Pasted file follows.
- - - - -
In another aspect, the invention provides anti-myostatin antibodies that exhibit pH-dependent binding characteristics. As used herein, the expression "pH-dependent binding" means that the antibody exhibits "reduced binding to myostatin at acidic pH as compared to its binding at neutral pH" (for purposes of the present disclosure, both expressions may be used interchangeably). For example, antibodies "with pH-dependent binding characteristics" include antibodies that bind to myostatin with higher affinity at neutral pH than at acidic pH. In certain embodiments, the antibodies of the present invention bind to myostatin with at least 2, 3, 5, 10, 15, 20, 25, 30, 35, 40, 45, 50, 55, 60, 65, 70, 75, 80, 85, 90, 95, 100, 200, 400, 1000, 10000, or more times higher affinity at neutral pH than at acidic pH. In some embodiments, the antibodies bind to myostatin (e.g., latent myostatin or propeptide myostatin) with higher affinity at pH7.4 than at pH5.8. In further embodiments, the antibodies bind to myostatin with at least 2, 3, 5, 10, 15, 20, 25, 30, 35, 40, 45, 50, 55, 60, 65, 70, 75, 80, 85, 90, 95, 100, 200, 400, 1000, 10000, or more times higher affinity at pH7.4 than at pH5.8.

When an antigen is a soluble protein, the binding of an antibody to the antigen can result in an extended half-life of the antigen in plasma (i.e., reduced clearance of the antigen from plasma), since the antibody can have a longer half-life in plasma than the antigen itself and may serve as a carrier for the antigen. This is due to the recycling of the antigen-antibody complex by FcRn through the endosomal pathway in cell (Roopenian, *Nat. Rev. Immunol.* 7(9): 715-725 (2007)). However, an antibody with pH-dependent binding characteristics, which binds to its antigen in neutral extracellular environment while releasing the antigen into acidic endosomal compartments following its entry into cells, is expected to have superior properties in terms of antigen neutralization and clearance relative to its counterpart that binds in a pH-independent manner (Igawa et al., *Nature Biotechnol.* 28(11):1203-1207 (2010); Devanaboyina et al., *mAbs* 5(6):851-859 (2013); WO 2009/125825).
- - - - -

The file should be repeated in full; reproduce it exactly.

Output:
In another aspect, the invention provides anti-myostatin antibodies that exhibit pH-dependent binding characteristics. As used herein, the expression "pH-dependent binding" means that the antibody exhibits "reduced binding to myostatin at acidic pH as compared to its binding at neutral pH" (for purposes of the present disclosure, both expressions may be used interchangeably). For example, antibodies "with pH-dependent binding characteristics" include antibodies that bind to myostatin with higher affinity at neutral pH than at acidic pH. In certain embodiments, the antibodies of the present invention bind to myostatin with at least 2, 3, 5, 10, 15, 20, 25, 30, 35, 40, 45, 50, 55, 60, 65, 70, 75, 80, 85, 90, 95, 100, 200, 400, 1000, 10000, or more times higher affinity at neutral pH than at acidic pH. In some embodiments, the antibodies bind to myostatin (e.g., latent myostatin or propeptide myostatin) with higher affinity at pH7.4 than at pH5.8. In further embodiments, the antibodies bind to myostatin with at least 2, 3, 5, 10, 15, 20, 25, 30, 35, 40, 45, 50, 55, 60, 65, 70, 75, 80, 85, 90, 95, 100, 200, 400, 1000, 10000, or more times higher affinity at pH7.4 than at pH5.8.

When an antigen is a soluble protein, the binding of an antibody to the antigen can result in an extended half-life of the antigen in plasma (i.e., reduced clearance of the antigen from plasma), since the antibody can have a longer half-life in plasma than the antigen itself and may serve as a carrier for the antigen. This is due to the recycling of the antigen-antibody complex by FcRn through the endosomal pathway in cell (Roopenian, *Nat. Rev. Immunol.* 7(9): 715-725 (2007)). However, an antibody with pH-dependent binding characteristics, which binds to its antigen in neutral extracellular environment while releasing the antigen into acidic endosomal compartments following its entry into cells, is expected to have superior properties in terms of antigen neutralization and clearance relative to its counterpart that binds in a pH-independent manner (Igawa et al., *Nature Biotechnol.* 28(11):1203-1207 (2010); Devanaboyina et al., *mAbs* 5(6):851-859 (2013); WO 2009/125825).